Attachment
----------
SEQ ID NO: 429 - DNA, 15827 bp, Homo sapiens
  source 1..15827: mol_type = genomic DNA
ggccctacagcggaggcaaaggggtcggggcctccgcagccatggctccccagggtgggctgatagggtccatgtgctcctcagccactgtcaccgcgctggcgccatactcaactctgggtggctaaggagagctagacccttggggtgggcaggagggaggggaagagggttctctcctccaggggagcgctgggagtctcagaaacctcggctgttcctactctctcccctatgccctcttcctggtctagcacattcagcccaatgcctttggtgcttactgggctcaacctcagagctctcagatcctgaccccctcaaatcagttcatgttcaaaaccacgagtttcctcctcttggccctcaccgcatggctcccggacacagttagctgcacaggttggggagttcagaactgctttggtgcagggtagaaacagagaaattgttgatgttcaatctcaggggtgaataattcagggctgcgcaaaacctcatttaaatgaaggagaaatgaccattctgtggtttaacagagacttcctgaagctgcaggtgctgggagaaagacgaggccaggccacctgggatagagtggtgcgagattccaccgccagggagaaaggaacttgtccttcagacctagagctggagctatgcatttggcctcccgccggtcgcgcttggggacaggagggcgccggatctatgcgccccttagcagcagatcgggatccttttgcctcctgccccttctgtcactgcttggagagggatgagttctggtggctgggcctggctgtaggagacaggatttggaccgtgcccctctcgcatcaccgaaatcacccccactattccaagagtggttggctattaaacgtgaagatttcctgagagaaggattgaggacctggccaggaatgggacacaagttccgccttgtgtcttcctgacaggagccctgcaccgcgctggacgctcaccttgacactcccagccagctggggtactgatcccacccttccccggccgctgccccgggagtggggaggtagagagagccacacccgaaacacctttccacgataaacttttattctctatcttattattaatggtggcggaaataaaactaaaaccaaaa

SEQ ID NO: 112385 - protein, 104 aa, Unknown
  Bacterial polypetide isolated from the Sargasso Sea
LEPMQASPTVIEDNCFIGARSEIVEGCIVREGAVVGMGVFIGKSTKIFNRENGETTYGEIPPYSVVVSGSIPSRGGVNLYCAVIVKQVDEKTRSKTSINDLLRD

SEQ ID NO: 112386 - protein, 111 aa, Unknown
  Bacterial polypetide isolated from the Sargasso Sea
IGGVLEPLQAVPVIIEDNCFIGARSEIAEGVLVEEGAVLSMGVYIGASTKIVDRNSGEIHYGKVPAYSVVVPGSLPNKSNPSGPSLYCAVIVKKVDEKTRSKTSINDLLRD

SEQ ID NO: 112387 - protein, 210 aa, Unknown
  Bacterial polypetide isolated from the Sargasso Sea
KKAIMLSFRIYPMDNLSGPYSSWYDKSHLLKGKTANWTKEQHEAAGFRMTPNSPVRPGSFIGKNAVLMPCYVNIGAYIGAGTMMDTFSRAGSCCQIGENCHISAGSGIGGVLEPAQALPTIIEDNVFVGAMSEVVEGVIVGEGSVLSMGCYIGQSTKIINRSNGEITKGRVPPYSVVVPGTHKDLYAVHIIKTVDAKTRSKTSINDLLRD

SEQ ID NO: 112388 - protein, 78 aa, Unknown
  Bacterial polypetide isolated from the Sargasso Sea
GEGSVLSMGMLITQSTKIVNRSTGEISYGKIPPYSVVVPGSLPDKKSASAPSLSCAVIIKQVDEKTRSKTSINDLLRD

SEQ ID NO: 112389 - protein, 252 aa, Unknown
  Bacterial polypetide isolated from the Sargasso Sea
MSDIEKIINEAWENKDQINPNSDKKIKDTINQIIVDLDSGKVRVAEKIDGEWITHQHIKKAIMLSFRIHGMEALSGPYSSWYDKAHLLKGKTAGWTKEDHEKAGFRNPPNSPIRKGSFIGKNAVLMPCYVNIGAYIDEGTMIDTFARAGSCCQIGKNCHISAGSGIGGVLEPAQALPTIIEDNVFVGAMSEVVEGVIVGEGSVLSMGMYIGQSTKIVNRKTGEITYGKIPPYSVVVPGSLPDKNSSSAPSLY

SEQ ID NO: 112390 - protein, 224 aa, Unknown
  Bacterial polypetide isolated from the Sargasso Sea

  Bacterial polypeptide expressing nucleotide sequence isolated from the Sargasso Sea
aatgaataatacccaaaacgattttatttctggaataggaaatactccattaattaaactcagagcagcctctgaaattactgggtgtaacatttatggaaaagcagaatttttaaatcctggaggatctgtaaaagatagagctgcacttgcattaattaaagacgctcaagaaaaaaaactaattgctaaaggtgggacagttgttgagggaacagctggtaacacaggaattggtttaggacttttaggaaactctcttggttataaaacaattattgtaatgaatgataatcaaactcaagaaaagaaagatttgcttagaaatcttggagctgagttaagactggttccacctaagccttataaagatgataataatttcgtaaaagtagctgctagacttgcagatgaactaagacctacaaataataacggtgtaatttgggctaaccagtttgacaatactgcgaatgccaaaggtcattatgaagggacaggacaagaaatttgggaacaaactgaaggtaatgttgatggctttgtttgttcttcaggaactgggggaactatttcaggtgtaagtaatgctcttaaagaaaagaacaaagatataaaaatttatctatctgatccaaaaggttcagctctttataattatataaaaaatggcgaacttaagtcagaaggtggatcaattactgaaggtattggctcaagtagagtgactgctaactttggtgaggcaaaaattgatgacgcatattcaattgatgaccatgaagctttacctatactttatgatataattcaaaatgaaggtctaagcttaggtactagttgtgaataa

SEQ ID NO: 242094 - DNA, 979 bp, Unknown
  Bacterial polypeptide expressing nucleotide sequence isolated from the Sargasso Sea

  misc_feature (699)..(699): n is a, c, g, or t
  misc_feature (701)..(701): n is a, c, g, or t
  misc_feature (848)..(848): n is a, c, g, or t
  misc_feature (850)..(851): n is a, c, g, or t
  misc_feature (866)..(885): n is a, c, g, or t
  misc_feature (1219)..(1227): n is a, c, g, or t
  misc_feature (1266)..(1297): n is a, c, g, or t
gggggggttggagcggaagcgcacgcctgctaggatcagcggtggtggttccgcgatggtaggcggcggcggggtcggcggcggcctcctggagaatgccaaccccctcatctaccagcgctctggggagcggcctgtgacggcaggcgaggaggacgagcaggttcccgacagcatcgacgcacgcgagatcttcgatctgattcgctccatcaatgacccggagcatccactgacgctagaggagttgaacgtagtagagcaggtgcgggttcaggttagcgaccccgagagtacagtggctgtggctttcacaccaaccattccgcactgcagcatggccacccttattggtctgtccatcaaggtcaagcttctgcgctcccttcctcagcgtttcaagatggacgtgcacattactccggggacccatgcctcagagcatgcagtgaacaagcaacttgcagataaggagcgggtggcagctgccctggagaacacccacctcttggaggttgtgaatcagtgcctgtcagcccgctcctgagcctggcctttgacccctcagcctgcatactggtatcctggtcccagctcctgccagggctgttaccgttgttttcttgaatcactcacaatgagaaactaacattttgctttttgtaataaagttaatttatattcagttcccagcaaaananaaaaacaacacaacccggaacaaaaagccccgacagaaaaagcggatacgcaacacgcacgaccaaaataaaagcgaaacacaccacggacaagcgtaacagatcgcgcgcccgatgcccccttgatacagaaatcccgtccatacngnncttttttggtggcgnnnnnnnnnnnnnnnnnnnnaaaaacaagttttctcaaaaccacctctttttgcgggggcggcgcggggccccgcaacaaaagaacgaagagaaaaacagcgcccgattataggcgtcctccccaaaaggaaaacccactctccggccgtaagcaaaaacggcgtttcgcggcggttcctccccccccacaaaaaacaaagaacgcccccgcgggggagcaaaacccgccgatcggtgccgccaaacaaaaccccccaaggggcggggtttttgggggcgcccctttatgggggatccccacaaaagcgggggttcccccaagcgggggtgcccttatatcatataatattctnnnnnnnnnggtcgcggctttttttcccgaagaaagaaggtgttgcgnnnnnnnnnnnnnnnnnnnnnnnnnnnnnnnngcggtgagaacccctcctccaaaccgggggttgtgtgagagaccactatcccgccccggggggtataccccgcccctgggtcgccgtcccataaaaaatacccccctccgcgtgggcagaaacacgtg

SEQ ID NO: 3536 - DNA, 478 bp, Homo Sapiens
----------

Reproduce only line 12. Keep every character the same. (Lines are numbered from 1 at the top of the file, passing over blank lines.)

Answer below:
KKAIMLSFRIYPMDNLSGPYSSWYDKSHLLKGKTANWTKEQHEAAGFRMTPNSPVRPGSFIGKNAVLMPCYVNIGAYIGAGTMMDTFSRAGSCCQIGENCHISAGSGIGGVLEPAQALPTIIEDNVFVGAMSEVVEGVIVGEGSVLSMGCYIGQSTKIINRSNGEITKGRVPPYSVVVPGTHKDLYAVHIIKTVDAKTRSKTSINDLLRD